With economic growth in Europe and Central Asia having peaked, following 2.7 per cent growth in 2017 and a projection of 2.3 per cent for 2018, countries in the region should take advantage of new digital technologies to innovate and improve their services, says a new World Bank report, Cryptocurrencies and Blockchain: Europe and Central Asia Economic Update.
Policymakers in the region will need to strike a balance between unleashing the full potential and curbing the hype around new technologies. At the same time, policies also need to support citizens in adjusting to increased flexibility in labour and product markets.
Among the new wave of technologies to emerge are blockchains – digital technologies that enable person-to-person transactions and information flows without the need for a trusted intermediary. The first applications of blockchain technology were cryptocurrencies, which create digital money without central banks and facilitate payments without financial institutions.
“Many countries in Europe and Central Asia have proven to be fertile ground for the development of cryptocurrencies and blockchain technologies,” said Hans Timmer, World Bank chief economist for Europe and Central Asia, at the launch of the report in Tbilisi. “In Georgia, for example, mining of cryptocurrencies is surprisingly widespread, driven largely by tax exemptions and low electricity prices. Going forward, it will be important for the government to ensure financial oversight and protection of consumers.”
A multi-billion-dollar industry today, cryptocurrencies continue to evoke widely divergent views, says the report. The extreme volatility of cryptocurrency values raises doubt about their viability as an alternative to legal tender, while the increasingly high electricity costs associated with mining cryptocurrencies are cause for concern.
The underlying blockchain technology, however, is being adopted more broadly, with several governments in the region already experimenting with blockchains to digitise and streamline public services, in order to make them more secure, transparent, and efficient.
In Ukraine, Estonia and Georgia, for example, governments are looking to set-up land and real-estate registries using blockchain technology. Azerbaijan is experimenting with digital IDs for banking, while Lithuania has opened a blockchain center to incubate start-ups. Switzerland aims to become a blockchain hub and is leading in adjusting regulations to these technologies.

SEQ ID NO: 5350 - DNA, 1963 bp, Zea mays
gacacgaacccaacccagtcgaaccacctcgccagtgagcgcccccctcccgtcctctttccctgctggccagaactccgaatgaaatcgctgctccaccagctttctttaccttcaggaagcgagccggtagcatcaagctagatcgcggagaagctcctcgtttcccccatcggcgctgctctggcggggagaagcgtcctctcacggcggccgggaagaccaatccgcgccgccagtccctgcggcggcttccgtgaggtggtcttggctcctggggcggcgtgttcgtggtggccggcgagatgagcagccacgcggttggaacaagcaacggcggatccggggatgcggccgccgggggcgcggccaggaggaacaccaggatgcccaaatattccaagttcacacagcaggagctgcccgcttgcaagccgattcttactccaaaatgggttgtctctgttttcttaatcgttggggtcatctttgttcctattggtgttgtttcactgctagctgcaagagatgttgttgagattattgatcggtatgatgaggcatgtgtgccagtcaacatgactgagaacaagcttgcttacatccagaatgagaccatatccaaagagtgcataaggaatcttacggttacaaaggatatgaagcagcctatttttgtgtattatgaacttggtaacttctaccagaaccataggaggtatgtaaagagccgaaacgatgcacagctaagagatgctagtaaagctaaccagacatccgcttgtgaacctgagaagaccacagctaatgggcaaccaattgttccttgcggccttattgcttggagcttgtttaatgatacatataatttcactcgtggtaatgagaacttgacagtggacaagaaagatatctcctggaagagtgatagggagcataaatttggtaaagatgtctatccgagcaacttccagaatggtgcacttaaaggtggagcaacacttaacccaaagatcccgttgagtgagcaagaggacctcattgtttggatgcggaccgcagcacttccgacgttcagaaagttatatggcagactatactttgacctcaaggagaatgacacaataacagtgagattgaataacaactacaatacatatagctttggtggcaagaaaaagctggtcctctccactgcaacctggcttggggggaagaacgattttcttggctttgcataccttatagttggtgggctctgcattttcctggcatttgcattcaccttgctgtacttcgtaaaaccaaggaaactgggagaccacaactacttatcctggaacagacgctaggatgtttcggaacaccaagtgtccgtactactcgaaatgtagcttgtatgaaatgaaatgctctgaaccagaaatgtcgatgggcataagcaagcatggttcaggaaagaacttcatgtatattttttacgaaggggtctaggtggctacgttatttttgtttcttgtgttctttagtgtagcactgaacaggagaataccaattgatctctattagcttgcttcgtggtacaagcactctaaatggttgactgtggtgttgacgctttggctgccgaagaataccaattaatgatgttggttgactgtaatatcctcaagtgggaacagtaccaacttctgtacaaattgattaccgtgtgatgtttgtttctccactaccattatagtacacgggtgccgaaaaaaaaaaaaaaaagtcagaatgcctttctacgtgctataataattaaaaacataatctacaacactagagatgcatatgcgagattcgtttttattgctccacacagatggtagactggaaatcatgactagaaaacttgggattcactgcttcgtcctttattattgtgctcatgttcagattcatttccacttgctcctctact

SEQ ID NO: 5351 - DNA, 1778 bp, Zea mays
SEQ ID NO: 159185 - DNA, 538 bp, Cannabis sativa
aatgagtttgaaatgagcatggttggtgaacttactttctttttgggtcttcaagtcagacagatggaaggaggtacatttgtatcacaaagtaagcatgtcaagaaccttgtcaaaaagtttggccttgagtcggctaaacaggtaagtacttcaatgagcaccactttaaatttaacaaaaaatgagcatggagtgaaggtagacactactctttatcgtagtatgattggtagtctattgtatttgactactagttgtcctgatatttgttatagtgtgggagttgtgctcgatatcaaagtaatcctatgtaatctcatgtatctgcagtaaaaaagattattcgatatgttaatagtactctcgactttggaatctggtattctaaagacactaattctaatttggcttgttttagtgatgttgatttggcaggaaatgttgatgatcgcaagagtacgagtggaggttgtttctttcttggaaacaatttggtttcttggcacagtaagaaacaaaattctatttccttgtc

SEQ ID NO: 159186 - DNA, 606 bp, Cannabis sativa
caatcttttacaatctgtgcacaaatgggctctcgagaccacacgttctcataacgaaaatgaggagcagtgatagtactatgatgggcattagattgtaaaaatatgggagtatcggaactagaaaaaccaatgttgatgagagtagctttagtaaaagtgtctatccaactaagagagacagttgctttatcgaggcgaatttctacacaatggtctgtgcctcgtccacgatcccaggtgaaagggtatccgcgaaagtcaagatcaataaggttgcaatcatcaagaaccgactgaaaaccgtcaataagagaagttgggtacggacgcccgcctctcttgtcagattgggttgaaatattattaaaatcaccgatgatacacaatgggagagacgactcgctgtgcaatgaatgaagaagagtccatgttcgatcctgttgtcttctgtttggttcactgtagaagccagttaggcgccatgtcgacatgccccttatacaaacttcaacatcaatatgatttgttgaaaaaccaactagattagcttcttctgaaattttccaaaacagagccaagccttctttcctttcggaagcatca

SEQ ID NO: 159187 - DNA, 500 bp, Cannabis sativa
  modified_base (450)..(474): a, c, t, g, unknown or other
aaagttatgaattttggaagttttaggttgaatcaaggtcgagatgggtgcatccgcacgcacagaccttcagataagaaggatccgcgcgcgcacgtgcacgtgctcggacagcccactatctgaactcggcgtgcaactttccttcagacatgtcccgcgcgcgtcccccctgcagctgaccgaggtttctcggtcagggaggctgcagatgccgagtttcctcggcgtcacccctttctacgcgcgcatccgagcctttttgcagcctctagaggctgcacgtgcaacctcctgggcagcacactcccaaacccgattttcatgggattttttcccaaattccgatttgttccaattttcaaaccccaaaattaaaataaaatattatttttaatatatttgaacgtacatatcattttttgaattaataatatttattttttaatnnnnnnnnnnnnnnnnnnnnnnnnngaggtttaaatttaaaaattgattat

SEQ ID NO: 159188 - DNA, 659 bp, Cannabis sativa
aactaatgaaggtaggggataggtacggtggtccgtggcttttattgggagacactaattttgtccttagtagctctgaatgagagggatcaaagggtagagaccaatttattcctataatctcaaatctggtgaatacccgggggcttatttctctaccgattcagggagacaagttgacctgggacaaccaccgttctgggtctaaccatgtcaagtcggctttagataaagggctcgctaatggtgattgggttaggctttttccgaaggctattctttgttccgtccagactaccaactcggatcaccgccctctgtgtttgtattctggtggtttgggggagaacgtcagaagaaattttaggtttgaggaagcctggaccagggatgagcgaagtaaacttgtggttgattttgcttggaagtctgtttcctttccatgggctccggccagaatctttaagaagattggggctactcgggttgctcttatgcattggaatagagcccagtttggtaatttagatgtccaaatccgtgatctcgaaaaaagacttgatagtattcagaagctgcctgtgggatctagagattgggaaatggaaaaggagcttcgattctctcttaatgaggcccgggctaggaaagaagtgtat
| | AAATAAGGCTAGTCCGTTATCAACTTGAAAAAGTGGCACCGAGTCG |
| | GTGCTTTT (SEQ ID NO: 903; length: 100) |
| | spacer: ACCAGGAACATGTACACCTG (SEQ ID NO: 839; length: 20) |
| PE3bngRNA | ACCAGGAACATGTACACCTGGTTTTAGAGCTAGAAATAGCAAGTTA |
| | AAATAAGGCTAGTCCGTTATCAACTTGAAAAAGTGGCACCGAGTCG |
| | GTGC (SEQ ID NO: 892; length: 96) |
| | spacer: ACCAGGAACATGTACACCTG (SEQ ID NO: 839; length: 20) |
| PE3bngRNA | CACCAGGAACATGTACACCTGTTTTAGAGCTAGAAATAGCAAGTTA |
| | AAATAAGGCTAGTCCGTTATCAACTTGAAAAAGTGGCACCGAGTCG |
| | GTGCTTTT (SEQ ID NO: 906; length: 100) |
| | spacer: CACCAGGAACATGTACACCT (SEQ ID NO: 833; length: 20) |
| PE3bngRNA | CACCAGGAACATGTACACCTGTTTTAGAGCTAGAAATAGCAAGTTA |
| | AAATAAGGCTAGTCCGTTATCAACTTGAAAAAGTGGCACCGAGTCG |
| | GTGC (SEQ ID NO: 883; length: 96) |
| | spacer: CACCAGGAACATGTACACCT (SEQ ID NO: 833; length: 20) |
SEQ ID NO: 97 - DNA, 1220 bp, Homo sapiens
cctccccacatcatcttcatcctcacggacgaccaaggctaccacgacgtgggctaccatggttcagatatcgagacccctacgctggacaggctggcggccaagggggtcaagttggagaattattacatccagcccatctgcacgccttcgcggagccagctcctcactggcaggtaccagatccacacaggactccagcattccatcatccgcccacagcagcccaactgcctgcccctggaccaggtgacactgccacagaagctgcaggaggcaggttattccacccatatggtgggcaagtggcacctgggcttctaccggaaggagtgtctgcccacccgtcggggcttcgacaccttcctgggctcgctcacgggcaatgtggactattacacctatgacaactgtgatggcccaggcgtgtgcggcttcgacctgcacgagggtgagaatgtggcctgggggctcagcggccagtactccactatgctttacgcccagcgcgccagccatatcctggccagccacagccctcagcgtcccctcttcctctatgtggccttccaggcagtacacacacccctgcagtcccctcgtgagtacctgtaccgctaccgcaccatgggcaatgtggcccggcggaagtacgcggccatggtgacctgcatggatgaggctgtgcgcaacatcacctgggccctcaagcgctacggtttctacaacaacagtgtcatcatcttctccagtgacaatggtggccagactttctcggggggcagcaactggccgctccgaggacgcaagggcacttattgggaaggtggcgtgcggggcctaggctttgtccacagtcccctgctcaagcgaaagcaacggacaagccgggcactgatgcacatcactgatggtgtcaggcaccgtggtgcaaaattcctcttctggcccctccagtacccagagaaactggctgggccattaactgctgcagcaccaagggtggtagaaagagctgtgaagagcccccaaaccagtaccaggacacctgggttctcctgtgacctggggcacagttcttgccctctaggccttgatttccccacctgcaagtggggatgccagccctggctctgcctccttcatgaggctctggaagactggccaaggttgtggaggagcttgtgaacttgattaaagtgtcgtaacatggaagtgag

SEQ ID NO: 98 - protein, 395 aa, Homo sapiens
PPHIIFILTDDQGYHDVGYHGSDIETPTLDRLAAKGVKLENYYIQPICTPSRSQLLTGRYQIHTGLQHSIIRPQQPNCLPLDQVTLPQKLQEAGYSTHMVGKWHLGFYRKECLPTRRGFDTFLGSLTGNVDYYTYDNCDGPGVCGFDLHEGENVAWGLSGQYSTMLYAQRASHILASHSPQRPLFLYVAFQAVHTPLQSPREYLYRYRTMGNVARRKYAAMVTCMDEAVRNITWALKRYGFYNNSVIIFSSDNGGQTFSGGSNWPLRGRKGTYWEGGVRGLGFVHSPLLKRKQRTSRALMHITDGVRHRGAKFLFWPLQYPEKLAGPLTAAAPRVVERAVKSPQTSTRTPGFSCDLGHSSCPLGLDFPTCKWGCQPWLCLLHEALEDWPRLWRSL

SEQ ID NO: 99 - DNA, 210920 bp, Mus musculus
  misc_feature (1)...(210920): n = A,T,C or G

“Blockchain technologies are putting competitive pressure on private financial sectors, while also triggering creative ideas and approaches within governments,” added Mr Timmer. “At the same time, they have introduced a range of policy challenges for countries.”
Some of the key challenges include ensuring financial oversight and combatting money laundering, tax evasion and illicit transactions. In addition, governments need to address the massive use of electricity involved in the mining of cryptocurrencies, while determining how much they should support start-up companies that specialise in blockchain technologies.
The report finds that economic growth has been strong in Europe and Central Asia, the fastest growth in a decade, and was especially strong in Central Europe and Turkey. However, reduced unemployment and rising inflation indicate that growth in the region will likely decelerate going forward.
During the economic upswing, many countries in the region increased their exports and reduced fiscal deficits, providing a cushion if cyclical headwinds materialise. Going forward, however, the region will face additional challenges navigating the global tightening of financial conditions, and the rising tendencies toward protectionism.